Your DAN Safety Stop 2019 Q2

Perspective

CULTIVATING A CULTURE OF DIVE SAFETY

Throughout it’s history, DAN has led the movement to promote diver health and safety, actively campaigning industry stakeholders and engaging communities around the world to advance safe practices. During this time almost every facet of recreational diving has evolved... it’s now time to evolve how the industry responds to dive incidents.

We are taking the next step and working directly with you to offer the education, training and resources needed to build safer dive communities around the world.

Through new and utilising existing programs, services and resources, DAN has developed a modern, multifaceted approach to preventing and responding to emergencies.

FOR NEARLY 40 YEARS, DAN HAS BEEN HERE FOR YOU.

DAN’s medical services are available to recreational divers, dive professionals and health-care providers of every level. We offer physician education, an emergency hotline, medical information and consultation, educational programs and a worldwide referral network of doctors who treat or evaluate divers. The DAN Emergency Hotline is staffed by doctors, nurses, paramedics and emergency medical technicians who are on call 24 hours a day, 365 days a year to provide information, coordinate care and facilitate evacuations.

1. CALL

We get the call. It might be from a diver, a traveler, a friend or a physician. But regardless, someone needs medical attention and they need our help. DAN medics are on call 24/7 ready to assist and can engage with our on-call physician if needed.

2. RESPOND

An immediate course of action is recommended, including first-aid if needed. If local emergency medical services (EMS) has yet to be activated, the caller is instructed to do so.

3. PLAN

A protocol for staying in contact is established. The DAN medic and the caller work together to make a plan to get the patient necessary medical care.

4. EVACUATE

Not all injuries can be treated locally. If evacuation is required, DAN organises an emergency evacuation to ensure the patient receives necessary care.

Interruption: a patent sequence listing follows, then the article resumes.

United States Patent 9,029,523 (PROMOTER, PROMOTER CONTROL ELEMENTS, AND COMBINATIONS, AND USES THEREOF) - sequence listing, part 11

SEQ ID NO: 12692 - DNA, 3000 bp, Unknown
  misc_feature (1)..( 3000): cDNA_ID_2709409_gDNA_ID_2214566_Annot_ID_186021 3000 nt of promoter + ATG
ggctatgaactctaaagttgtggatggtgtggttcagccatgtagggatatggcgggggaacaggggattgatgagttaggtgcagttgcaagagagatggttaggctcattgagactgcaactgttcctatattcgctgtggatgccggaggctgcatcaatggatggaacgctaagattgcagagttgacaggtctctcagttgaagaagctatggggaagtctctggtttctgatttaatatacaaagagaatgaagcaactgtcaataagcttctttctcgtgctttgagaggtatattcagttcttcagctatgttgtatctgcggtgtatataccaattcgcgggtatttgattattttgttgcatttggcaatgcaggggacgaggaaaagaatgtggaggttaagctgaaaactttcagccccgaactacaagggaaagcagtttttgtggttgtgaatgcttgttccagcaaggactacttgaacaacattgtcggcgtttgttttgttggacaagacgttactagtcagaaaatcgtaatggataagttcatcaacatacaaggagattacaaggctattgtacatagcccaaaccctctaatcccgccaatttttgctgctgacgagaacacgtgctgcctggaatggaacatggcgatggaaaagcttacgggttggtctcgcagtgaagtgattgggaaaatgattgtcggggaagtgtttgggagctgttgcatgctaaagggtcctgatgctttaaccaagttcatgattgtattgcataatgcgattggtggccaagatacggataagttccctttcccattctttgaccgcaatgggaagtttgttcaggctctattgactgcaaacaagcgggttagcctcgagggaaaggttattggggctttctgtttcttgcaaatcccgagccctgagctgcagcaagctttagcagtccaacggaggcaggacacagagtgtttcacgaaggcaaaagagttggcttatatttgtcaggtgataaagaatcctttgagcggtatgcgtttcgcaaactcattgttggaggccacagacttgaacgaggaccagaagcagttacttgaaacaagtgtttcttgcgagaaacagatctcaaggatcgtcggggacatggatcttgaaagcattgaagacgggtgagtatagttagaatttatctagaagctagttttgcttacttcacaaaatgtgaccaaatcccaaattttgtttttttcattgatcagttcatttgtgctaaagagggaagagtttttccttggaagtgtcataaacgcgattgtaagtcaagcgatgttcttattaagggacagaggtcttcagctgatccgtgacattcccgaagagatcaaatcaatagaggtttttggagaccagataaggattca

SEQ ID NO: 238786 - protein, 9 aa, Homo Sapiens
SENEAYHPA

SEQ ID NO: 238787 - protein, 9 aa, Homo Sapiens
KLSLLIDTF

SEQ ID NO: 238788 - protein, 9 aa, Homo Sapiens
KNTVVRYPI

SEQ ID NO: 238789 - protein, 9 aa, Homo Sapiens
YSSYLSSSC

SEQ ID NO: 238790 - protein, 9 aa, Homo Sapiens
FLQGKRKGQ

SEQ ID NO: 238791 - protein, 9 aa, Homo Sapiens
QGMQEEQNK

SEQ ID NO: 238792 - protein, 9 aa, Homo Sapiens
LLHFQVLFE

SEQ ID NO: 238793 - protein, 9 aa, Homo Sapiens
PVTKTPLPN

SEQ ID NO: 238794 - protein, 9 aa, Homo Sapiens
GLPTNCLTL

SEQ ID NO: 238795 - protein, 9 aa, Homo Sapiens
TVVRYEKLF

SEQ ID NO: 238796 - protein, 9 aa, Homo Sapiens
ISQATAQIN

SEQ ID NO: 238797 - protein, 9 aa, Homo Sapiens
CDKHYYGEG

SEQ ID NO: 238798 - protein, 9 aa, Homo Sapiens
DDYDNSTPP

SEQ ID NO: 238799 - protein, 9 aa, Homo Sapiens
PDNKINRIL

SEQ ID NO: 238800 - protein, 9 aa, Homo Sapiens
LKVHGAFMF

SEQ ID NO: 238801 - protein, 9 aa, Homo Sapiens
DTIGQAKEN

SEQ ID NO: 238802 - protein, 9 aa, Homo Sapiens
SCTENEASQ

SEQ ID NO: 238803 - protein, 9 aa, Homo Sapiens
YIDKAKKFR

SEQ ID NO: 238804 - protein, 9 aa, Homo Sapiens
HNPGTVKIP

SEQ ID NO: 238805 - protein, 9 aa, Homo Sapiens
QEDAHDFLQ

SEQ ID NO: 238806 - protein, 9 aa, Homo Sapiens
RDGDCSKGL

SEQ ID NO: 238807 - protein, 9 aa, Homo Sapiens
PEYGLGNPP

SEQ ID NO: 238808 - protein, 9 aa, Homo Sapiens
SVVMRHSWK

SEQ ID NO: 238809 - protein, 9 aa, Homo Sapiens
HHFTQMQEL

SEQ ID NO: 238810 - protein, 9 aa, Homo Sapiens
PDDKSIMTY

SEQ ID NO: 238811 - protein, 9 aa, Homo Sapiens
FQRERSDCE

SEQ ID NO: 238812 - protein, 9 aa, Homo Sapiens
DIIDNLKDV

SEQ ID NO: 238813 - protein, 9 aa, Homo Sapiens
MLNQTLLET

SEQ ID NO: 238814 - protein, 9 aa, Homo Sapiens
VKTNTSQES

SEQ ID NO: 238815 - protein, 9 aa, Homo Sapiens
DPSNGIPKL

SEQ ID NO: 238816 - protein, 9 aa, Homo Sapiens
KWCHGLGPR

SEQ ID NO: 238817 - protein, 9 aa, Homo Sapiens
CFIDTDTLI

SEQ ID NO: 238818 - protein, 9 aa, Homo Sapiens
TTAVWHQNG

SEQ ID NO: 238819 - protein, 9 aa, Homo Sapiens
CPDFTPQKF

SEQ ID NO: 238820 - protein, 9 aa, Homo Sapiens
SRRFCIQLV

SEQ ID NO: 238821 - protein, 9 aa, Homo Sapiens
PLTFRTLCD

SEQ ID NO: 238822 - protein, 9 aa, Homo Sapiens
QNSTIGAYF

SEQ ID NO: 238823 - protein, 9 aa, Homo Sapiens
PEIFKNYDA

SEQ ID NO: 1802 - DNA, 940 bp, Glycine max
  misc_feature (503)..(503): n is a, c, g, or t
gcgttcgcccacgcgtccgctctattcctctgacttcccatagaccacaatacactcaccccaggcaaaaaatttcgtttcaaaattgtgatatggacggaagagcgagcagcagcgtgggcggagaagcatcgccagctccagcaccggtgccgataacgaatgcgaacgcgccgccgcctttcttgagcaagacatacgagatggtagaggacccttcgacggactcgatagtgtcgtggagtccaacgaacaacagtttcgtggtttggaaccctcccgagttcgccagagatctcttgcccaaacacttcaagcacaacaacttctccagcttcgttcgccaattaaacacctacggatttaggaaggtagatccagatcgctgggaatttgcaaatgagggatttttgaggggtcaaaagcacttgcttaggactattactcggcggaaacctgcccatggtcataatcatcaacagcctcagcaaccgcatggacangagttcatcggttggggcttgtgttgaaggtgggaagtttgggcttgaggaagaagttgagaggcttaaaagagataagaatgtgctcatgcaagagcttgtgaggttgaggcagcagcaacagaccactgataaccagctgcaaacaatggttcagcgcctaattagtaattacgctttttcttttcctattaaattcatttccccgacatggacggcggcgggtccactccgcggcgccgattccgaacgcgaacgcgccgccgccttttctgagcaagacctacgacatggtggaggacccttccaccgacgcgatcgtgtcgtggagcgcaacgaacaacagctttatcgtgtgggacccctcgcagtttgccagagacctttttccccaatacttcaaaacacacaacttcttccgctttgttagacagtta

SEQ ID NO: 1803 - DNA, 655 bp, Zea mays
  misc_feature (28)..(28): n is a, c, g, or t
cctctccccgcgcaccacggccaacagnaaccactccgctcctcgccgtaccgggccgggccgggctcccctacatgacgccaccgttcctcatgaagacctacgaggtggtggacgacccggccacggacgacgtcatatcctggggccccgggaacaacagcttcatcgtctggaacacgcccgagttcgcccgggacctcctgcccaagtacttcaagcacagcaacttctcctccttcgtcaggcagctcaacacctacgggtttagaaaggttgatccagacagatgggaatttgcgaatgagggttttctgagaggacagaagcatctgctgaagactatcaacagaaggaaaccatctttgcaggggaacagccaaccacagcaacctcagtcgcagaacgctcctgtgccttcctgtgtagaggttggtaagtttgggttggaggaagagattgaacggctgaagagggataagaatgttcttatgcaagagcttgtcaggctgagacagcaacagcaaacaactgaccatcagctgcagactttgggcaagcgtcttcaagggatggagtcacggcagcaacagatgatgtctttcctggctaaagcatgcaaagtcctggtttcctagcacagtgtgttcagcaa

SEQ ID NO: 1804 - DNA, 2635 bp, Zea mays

5. FOLLOW-UP

Throughout the incident, the DAN team remains in contact with the caller and patient, inquiring about the patient’s condition, providing updates regarding evacuation, and remaining available to provide support.

6. MONITOR

Maintaining frequent contact, the DAN team monitors definitive care and medical evacuation progress. If insured, DAN’s insurance professionals join the patient’s support team.

7. CONCLUDE

From the time we get the call until the patient is discharged, DAN is there. Whether you’re a diver, a traveler or both, we’re here for you.

Second Quarter Round-Up!

Phew!  This year is going by faster than anybody can say 3..2…1…go!

After lazing about at the Port Elizabeth dive festival things just picked up speed. Nicky Olckers one of the DAN representatives was fortunate to have the opportunity to visit Nosy Be (Madagascar) and stay at Sakatia Lodge. She was extravagantly spoiled with diving on most days and taken to see some of the tourist sites around Nosy. The water was clear and the seas flat that made for excellent diving. She received world class treatment during her stay at Sakatia Lodge. The main reason for her visit was to promote the different DAN services and build stronger relationships with the dive industry. The DAN workshop at the chamber facility was well supported by the Nosy Be dive industry and finished with a dry dive under control by Jose Vieira from Sakatia Lodge who maintains the chamber facility. After her return to South Africa Nicky spent some time at the DAN office in Johannesburg before catching up on her Social Media duties that helps spread DAN awareness.

WHY DO ENTRY-LEVEL STUDENTS NEED DIVE COVER?

Life happens… While learning to dive is relatively safe, there are inherent risks. From minor injuries such as ear issues or a slip-and-fall to more serious dive related injuries, this coverage helps ensure new divers can learn confidently knowing they are protected.

Some health insurance plans exclude coverage for adventure sport and scuba diving injuries. Others may have large deductibles or co-pays for treatment. DAN’s program pays 100% of covered medical expenses.